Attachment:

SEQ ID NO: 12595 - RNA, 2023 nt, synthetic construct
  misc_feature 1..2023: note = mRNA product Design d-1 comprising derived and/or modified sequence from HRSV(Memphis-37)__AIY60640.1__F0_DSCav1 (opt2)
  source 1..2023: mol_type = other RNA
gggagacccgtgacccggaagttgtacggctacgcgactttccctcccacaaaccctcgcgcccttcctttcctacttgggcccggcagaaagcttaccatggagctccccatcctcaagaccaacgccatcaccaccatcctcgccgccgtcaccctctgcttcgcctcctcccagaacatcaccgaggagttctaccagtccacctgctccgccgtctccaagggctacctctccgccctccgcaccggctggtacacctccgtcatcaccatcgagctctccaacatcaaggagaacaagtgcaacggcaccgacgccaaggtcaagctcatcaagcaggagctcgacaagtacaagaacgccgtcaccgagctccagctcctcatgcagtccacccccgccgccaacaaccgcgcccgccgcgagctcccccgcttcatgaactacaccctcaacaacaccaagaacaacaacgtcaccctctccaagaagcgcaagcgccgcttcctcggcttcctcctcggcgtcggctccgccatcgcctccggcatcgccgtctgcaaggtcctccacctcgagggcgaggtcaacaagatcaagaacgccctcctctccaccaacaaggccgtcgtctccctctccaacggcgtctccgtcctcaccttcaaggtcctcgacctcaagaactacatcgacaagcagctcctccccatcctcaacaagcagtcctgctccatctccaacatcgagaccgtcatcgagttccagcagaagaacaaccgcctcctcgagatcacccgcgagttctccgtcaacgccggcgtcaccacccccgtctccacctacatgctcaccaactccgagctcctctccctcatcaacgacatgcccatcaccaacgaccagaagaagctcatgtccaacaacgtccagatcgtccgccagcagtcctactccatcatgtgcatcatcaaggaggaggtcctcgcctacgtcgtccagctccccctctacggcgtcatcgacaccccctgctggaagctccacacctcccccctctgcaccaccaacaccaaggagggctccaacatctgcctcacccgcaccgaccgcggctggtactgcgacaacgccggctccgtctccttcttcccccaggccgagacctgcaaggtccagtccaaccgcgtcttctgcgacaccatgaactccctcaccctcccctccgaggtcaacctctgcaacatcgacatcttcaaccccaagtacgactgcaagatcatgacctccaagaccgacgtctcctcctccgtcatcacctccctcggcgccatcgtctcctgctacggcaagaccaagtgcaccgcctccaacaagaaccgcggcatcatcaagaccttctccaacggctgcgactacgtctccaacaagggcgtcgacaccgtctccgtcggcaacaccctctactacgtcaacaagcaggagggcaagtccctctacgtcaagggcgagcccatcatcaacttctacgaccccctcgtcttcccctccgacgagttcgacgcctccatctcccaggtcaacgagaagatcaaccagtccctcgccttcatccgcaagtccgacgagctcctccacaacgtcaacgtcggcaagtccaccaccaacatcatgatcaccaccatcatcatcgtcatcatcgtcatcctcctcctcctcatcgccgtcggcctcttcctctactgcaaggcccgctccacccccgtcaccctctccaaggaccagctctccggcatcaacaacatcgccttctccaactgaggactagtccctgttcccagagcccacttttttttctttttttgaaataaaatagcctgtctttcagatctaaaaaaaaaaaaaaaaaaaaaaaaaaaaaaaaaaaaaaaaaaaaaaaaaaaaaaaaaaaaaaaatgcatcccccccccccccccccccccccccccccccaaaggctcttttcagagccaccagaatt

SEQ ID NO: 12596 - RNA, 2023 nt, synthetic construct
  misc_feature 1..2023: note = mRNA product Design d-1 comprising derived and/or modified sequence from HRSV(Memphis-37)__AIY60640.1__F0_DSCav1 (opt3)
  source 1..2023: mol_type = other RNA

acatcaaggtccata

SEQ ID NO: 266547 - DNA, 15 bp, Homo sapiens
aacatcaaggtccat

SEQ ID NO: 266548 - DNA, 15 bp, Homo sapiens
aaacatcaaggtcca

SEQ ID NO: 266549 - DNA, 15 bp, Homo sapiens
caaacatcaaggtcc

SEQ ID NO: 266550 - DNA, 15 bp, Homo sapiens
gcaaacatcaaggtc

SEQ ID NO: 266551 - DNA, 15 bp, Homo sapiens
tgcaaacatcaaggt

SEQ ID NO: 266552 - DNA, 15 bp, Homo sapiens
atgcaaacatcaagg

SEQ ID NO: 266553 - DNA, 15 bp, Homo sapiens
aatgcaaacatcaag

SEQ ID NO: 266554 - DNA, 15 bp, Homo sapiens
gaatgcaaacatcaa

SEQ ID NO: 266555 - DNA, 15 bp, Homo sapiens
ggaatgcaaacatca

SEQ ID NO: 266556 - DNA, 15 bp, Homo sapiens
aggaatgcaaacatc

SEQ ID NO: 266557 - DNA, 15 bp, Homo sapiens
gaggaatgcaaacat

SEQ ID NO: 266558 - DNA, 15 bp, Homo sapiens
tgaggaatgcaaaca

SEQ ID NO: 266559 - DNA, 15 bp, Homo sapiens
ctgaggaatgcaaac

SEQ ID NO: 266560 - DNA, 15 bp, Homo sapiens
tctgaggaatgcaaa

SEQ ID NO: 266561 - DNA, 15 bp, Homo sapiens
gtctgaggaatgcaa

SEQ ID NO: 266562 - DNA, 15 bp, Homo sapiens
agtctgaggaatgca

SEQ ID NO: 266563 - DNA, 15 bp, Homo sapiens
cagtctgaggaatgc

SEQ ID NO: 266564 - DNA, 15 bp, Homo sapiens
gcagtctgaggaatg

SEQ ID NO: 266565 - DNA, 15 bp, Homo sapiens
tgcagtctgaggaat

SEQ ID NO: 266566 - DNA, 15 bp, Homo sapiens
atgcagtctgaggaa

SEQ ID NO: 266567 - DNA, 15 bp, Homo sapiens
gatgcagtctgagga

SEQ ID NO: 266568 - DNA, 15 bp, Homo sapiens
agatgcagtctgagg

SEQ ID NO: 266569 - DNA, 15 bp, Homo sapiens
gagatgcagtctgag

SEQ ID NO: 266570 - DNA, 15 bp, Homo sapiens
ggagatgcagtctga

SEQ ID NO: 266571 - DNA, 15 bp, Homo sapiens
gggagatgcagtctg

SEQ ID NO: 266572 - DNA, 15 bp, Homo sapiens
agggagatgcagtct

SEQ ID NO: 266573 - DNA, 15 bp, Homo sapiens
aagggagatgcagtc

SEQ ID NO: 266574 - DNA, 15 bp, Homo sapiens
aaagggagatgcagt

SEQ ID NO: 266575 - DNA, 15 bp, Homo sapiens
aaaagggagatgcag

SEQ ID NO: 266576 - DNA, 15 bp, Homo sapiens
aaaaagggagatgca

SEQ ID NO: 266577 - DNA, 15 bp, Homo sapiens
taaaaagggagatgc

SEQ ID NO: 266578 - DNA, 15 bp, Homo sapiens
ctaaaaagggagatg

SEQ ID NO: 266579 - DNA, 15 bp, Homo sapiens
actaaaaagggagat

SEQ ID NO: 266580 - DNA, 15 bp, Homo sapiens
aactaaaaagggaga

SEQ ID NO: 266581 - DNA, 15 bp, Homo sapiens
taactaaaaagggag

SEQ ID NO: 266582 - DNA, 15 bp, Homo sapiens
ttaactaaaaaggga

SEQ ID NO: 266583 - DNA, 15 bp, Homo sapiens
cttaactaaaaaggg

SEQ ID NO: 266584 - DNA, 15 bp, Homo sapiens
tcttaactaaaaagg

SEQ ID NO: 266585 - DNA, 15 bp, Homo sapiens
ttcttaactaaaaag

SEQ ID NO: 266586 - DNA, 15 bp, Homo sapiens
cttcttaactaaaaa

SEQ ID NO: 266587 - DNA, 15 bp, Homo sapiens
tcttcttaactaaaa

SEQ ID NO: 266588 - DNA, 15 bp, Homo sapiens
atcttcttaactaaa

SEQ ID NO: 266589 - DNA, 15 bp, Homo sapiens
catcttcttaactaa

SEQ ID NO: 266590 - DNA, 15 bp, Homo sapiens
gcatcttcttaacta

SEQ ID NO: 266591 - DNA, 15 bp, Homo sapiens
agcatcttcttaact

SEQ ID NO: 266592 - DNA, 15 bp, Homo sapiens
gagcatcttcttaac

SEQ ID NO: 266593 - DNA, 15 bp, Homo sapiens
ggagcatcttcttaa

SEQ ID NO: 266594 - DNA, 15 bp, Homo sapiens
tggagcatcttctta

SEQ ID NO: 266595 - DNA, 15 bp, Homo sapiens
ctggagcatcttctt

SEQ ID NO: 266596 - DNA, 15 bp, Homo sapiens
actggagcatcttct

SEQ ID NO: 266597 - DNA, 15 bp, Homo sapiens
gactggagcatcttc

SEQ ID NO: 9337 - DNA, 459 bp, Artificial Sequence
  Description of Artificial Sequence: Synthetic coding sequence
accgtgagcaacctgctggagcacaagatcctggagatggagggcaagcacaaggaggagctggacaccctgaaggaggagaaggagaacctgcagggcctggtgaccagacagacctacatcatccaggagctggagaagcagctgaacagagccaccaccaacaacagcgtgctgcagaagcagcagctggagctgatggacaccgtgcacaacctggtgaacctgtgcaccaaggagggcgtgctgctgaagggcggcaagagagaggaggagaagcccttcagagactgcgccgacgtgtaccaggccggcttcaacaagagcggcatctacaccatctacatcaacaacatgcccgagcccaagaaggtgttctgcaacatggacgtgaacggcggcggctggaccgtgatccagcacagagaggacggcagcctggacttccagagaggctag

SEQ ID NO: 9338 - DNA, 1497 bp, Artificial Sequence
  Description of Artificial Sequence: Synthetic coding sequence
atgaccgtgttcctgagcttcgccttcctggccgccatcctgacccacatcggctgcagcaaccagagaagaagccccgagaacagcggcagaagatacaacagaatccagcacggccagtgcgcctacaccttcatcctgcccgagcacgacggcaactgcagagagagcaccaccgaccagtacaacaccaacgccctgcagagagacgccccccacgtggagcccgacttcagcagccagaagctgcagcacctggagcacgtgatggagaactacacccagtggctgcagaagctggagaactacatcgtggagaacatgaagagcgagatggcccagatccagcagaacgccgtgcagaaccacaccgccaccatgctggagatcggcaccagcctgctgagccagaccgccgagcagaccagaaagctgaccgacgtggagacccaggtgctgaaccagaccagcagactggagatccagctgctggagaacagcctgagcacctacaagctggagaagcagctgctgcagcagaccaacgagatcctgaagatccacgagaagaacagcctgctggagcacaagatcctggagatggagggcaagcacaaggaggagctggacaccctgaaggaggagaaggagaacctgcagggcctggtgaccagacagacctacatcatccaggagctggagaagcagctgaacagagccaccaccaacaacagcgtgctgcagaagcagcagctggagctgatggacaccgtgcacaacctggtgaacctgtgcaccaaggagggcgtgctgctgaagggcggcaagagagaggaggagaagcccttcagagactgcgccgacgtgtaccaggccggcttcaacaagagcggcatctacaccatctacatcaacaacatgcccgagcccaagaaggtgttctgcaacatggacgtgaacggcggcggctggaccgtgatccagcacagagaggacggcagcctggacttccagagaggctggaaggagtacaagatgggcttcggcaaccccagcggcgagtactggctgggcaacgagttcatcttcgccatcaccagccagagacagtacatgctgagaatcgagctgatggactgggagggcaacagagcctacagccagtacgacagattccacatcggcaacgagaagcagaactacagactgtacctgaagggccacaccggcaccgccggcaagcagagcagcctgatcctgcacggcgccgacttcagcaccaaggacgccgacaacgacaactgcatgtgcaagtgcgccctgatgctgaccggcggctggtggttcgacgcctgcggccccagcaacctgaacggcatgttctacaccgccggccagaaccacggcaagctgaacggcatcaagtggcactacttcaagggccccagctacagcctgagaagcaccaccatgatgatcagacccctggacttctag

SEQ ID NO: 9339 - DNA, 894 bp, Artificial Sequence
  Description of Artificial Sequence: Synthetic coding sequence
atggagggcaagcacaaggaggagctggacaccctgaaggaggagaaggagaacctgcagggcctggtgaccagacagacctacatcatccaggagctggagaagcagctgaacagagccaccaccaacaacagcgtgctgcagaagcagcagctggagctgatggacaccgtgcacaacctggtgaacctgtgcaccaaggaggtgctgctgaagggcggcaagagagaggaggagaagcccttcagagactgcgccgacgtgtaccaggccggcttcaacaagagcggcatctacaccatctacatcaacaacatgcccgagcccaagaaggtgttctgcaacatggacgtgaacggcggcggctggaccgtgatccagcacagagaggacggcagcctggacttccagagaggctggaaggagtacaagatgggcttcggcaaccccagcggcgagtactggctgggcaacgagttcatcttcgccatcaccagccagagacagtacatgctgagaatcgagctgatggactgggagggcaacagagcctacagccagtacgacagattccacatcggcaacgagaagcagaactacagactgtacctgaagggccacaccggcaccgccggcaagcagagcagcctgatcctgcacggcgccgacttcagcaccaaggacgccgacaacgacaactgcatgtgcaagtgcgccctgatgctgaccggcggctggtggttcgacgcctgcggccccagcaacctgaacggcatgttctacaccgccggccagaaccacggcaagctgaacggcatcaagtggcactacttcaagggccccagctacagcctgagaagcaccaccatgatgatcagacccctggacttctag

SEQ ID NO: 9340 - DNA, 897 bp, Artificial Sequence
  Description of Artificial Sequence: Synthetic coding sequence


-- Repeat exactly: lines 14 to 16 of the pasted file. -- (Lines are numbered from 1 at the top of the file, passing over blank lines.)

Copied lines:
caaacatcaaggtcc

SEQ ID NO: 266550 - DNA, 15 bp, Homo sapiens
gcaaacatcaaggtc